Sep
16

The security appliance supports two kinds of priority queuing – standard priority queuing and hierarchical priority queuing. Let’s configure each in this third part of our blog.

Standard Priority Queuing

This queuing approach allows you to place your priority traffic in a priority queue, while all other traffic is placed in a best effort queue. You can police all other traffic if needed.

Step 1: Create the priority queue on the interface where you want to configure the standard priority queuing. This is done in global configuration mode with the priority-queue interface_name command. Notice this will place you in priority queue configuration mode where you can optionally manipulate the size of the queue with the queue-limit number_of_packets command. You can also optionally set the depth of the hardware queue with the tx-ring-limit number_of_packets command. Remember that the hardware queue forwards packets until full, and then queuing is handled by the software queue (composed of the priority and best effort queues).

pixfirewall(config)# priority-queue outside
pixfirewall(config-priority-queue)#

Step 2: Use the Modular Policy Framework (covered in Part 2 of these blogs) to configure the prioritized traffic.

pixfirewall(config-priority-queue)# exit
pixfirewall(config)# class-map CM-VOICE
pixfirewall(config-cmap)# match dscp ef
pixfirewall(config-cmap)# exit
pixfirewall(config)# class-map CM-VOICE-SIGNAL
pixfirewall(config-cmap)# match dscp af31
pixfirewall(config-cmap)# exit
pixfirewall(config)# policy-map PM-VOICE-TRAFFIC
pixfirewall(config-pmap)# class CM-VOICE
pixfirewall(config-pmap-c)# priority
pixfirewall(config-pmap-c)# exit
pixfirewall(config-pmap)# class CM-VOICE-SIGNAL
pixfirewall(config-pmap-c)# priority
pixfirewall(config-pmap-c)# exit
pixfirewall(config-pmap)# exit
pixfirewall(config)# service-policy PM-VOICE-TRAFFIC interface outside
pixfirewall(config)# end

Hierarchical Priority Queuing

This queuing approach allows you to shape traffic and allow a subset of the shaped traffic to be prioritized. I have cleared the configuration from the security appliance in preparation for this new configuration. Notice with this approach, you do not configure a priority queue on the interface. Also notice with this approach the nesting of the Policy Maps.

pixfirewall(config)# class-map CM-VOICE
pixfirewall(config-cmap)# match dscp ef
pixfirewall(config-cmap)# exit
pixfirewall(config)# class-map CM-VOICE-SIGNAL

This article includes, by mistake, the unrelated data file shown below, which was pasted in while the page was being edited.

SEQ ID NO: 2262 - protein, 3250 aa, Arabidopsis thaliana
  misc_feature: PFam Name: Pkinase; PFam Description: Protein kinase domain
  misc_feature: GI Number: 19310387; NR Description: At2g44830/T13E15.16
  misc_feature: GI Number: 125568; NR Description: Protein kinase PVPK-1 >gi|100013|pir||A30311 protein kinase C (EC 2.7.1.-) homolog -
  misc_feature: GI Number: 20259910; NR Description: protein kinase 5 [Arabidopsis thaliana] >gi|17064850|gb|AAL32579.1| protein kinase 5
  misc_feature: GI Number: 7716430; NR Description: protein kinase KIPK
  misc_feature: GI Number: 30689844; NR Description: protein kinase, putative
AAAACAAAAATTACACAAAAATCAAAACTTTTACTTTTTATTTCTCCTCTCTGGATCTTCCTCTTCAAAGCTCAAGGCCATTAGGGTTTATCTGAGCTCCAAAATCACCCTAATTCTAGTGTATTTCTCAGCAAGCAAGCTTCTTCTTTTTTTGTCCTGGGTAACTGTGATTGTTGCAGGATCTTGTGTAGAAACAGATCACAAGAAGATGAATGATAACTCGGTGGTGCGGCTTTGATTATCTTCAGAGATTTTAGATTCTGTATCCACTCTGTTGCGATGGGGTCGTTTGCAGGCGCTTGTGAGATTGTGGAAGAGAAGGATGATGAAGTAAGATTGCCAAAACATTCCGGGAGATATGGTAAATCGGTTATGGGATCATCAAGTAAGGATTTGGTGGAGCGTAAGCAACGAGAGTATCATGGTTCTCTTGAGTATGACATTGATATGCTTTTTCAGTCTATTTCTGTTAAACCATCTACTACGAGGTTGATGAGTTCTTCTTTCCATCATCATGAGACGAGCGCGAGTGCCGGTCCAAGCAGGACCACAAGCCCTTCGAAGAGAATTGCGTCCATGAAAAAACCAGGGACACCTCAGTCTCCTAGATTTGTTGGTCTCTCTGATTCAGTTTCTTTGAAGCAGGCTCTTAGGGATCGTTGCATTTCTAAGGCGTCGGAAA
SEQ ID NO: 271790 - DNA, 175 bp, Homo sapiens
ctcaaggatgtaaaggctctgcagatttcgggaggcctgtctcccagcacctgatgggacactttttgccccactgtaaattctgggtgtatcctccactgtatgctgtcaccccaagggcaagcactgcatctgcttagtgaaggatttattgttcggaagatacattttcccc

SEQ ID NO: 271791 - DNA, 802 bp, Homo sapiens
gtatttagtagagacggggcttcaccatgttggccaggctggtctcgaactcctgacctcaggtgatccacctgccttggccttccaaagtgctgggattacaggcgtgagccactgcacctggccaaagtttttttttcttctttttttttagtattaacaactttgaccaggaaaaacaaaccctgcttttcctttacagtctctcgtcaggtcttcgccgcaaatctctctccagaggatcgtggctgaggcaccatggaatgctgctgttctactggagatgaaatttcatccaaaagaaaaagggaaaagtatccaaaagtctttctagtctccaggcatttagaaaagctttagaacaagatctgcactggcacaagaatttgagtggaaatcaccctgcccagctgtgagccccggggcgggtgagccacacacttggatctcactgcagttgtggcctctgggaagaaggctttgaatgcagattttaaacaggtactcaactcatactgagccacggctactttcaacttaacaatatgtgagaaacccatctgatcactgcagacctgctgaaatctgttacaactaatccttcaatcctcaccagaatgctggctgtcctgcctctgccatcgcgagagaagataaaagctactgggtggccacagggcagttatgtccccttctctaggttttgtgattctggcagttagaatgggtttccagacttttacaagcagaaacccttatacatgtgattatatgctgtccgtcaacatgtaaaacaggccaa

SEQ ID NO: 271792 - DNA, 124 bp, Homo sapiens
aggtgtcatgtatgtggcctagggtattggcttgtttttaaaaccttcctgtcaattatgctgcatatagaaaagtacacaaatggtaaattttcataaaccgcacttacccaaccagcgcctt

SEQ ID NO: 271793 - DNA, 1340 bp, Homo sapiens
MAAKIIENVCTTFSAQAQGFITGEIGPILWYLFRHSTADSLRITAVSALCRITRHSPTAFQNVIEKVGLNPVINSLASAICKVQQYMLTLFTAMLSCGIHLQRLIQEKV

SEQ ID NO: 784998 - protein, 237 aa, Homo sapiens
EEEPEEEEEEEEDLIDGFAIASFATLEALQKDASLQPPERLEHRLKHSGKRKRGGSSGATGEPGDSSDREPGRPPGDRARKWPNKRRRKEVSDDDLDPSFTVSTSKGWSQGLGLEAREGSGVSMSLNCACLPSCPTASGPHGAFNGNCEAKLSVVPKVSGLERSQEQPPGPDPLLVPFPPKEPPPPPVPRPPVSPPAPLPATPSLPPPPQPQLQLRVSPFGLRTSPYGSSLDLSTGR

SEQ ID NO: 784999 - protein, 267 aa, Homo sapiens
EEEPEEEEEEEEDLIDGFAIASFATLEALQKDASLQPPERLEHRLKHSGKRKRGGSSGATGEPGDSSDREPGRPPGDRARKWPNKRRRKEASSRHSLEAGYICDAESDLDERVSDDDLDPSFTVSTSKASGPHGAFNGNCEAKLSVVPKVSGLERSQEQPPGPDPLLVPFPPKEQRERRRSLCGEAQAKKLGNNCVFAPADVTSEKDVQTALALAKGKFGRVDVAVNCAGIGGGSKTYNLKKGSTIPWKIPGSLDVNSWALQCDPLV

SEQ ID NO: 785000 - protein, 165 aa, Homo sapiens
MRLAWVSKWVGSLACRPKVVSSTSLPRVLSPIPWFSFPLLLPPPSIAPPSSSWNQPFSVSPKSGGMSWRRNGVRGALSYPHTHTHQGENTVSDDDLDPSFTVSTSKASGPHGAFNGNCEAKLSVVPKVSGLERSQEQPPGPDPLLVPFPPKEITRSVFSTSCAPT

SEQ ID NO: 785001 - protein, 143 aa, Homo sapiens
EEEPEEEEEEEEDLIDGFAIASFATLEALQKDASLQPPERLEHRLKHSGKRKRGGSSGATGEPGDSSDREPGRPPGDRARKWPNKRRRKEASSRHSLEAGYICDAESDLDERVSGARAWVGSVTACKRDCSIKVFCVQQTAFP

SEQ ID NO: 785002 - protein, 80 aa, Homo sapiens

pixfirewall(config-cmap)# match dscp af31
pixfirewall(config-cmap)# exit
pixfirewall(config)# policy-map PM-VOICE-TRAFFIC
pixfirewall(config-pmap)# class CM-VOICE
pixfirewall(config-pmap-c)# priority
pixfirewall(config-pmap-c)# exit
pixfirewall(config-pmap)# class CM-VOICE-SIGNAL
pixfirewall(config-pmap-c)# priority
pixfirewall(config-pmap-c)# exit
pixfirewall(config-pmap)# exit
pixfirewall(config)# policy-map PM-ALL-TRAFFIC-SHAPE
pixfirewall(config-pmap)# class class-default
pixfirewall(config-pmap-c)# shape average 2000000 16000
pixfirewall(config-pmap-c)# service-policy PM-VOICE-TRAFFIC
pixfirewall(config-pmap-c)# exit
pixfirewall(config-pmap)# service-policy PM-ALL-TRAFFIC-SHAPE interface outside
pixfirewall(config)# end

Verifications for Priority Queuing

These verification commands can be used for both forms of priority queuing. Obviously, you can examine portions of the running configuration to confirm your Modular Policy Framework components. For example:

pixfirewall# show run policy-map
!
policy-map PM-VOICE-TRAFFIC
 class CM-VOICE
  priority
 class CM-VOICE-SIGNAL
  priority
 class class-default
policy-map PM-ALL-TRAFFIC-SHAPE
 class class-default
  shape average 2000000 16000
  service-policy PM-VOICE-TRAFFIC
!

Another example:

pixfirewall# show run class-map
!
class-map CM-VOICE-SIGNAL
 match dscp af31
class-map CM-VOICE
 match dscp ef
!

To verify the statistics of the standard priority queuing configuration, use the following:

pixfirewall# show service-policy priority
Interface outside:
  Service-policy: PM-VOICE-TRAFFIC
   Class-map: CM-VOICE
      Priority:
        Interface outside: aggregate drop 0, aggregate transmit 0
    Class-map: CM-VOICE-SIGNAL